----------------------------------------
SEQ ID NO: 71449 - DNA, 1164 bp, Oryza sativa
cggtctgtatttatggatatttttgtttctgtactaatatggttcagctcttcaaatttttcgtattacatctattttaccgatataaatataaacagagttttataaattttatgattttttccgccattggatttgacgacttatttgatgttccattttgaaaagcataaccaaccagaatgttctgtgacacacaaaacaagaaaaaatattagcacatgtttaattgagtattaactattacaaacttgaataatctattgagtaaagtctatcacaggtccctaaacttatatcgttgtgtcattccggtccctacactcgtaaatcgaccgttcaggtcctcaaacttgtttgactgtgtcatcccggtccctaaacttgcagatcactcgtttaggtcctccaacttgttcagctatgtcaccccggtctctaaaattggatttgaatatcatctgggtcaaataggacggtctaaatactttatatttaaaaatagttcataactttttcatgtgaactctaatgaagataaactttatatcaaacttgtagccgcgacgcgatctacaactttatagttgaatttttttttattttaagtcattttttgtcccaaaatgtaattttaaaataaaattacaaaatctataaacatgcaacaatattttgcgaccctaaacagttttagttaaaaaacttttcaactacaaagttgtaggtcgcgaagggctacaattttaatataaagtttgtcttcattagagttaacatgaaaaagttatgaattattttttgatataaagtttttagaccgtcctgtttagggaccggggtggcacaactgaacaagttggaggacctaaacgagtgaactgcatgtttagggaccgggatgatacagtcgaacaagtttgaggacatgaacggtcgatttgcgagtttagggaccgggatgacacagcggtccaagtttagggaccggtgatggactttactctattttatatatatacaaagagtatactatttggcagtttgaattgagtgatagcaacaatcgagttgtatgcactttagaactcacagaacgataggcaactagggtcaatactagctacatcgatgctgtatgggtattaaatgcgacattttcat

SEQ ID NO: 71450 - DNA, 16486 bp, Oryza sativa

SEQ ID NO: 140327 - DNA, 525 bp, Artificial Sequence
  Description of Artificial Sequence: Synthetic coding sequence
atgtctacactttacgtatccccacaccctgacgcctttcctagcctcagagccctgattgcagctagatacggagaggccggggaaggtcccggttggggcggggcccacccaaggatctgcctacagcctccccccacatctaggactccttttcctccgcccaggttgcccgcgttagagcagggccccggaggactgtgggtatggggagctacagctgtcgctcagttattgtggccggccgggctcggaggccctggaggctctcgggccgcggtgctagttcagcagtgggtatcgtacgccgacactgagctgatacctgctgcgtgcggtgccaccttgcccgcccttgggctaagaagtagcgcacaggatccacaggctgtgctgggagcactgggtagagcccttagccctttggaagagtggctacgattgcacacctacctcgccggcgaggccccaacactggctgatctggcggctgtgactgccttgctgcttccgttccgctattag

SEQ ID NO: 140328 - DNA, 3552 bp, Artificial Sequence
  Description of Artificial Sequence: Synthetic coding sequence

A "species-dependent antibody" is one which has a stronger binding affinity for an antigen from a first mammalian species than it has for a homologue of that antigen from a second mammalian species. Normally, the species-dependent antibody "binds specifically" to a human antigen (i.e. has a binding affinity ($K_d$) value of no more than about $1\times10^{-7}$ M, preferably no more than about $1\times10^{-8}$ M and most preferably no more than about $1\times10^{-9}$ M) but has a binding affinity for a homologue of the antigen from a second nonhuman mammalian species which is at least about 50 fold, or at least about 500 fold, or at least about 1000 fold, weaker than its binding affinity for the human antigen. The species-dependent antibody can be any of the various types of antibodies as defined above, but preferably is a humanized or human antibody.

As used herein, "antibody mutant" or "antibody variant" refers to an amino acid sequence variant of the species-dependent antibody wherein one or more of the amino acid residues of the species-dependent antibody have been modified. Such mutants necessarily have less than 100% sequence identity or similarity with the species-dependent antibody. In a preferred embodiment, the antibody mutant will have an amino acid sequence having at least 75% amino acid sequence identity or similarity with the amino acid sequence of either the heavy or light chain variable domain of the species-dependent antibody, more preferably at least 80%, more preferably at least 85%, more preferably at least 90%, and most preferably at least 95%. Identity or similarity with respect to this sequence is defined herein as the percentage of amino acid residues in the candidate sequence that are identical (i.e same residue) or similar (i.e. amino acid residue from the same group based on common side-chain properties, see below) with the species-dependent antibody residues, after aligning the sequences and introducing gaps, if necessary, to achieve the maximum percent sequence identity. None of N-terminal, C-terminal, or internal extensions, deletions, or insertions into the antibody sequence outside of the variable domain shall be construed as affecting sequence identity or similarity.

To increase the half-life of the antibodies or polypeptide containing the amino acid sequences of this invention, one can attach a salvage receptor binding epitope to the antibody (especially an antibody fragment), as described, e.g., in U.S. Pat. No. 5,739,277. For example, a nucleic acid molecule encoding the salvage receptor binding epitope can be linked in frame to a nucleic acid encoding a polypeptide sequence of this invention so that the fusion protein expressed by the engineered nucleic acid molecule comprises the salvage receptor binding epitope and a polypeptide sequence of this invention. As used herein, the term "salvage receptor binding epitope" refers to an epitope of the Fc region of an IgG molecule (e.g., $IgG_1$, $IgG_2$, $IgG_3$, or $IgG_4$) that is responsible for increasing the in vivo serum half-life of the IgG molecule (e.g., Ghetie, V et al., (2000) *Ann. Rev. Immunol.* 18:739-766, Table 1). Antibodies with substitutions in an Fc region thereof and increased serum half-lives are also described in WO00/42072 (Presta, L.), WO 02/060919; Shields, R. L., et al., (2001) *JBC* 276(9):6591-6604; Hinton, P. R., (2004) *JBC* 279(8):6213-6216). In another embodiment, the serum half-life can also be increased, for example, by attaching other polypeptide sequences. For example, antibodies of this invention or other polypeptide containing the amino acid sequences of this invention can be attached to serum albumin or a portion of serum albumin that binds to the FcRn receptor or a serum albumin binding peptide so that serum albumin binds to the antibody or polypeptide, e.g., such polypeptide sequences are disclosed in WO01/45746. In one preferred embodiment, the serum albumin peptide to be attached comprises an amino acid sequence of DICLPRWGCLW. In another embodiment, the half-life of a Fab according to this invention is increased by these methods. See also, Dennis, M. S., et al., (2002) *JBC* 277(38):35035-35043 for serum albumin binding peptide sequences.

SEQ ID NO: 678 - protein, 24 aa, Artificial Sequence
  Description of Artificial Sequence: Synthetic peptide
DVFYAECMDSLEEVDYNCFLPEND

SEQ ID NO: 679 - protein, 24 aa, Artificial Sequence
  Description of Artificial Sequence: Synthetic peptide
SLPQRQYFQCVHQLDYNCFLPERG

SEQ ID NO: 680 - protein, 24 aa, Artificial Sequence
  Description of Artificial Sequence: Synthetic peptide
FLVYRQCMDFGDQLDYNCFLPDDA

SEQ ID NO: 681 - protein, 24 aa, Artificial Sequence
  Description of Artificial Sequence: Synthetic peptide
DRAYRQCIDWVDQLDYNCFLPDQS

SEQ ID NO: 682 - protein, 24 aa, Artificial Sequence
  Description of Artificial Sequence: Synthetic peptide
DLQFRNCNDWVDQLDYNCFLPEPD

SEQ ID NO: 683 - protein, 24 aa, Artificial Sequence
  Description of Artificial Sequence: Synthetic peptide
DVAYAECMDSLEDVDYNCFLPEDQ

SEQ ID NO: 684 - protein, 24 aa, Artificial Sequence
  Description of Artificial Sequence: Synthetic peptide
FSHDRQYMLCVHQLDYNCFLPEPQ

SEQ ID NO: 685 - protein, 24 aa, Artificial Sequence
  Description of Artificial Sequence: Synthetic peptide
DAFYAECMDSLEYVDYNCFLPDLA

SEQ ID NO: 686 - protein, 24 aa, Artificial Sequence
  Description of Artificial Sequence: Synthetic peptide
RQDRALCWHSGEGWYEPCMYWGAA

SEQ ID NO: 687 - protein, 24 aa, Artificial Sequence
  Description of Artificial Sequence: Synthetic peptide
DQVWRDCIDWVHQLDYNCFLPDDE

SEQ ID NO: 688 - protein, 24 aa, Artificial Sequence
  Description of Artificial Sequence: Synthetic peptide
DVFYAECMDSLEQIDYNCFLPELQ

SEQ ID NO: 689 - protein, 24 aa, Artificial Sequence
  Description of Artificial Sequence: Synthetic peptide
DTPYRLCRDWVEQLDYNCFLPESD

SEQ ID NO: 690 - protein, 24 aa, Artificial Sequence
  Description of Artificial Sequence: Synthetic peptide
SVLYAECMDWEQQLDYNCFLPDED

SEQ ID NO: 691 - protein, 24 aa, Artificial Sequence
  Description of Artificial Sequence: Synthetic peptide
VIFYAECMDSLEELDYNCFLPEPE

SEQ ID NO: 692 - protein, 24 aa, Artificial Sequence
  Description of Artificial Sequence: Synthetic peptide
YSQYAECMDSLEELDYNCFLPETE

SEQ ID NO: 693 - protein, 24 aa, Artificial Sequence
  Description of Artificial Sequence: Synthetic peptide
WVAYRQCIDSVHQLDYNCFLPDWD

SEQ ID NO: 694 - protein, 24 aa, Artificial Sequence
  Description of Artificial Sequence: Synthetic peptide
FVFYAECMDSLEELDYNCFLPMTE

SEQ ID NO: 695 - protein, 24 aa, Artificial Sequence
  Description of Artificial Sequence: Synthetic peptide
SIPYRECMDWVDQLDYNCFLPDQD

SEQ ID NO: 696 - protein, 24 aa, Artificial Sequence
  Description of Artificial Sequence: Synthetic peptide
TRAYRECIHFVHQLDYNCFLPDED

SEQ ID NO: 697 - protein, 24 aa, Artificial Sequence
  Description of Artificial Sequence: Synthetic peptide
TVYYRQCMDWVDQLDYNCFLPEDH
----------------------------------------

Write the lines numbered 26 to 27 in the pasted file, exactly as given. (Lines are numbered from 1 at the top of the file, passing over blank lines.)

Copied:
DLQFRNCNDWVDQLDYNCFLPEPD

SEQ ID NO: 683 - protein, 24 aa, Artificial Sequence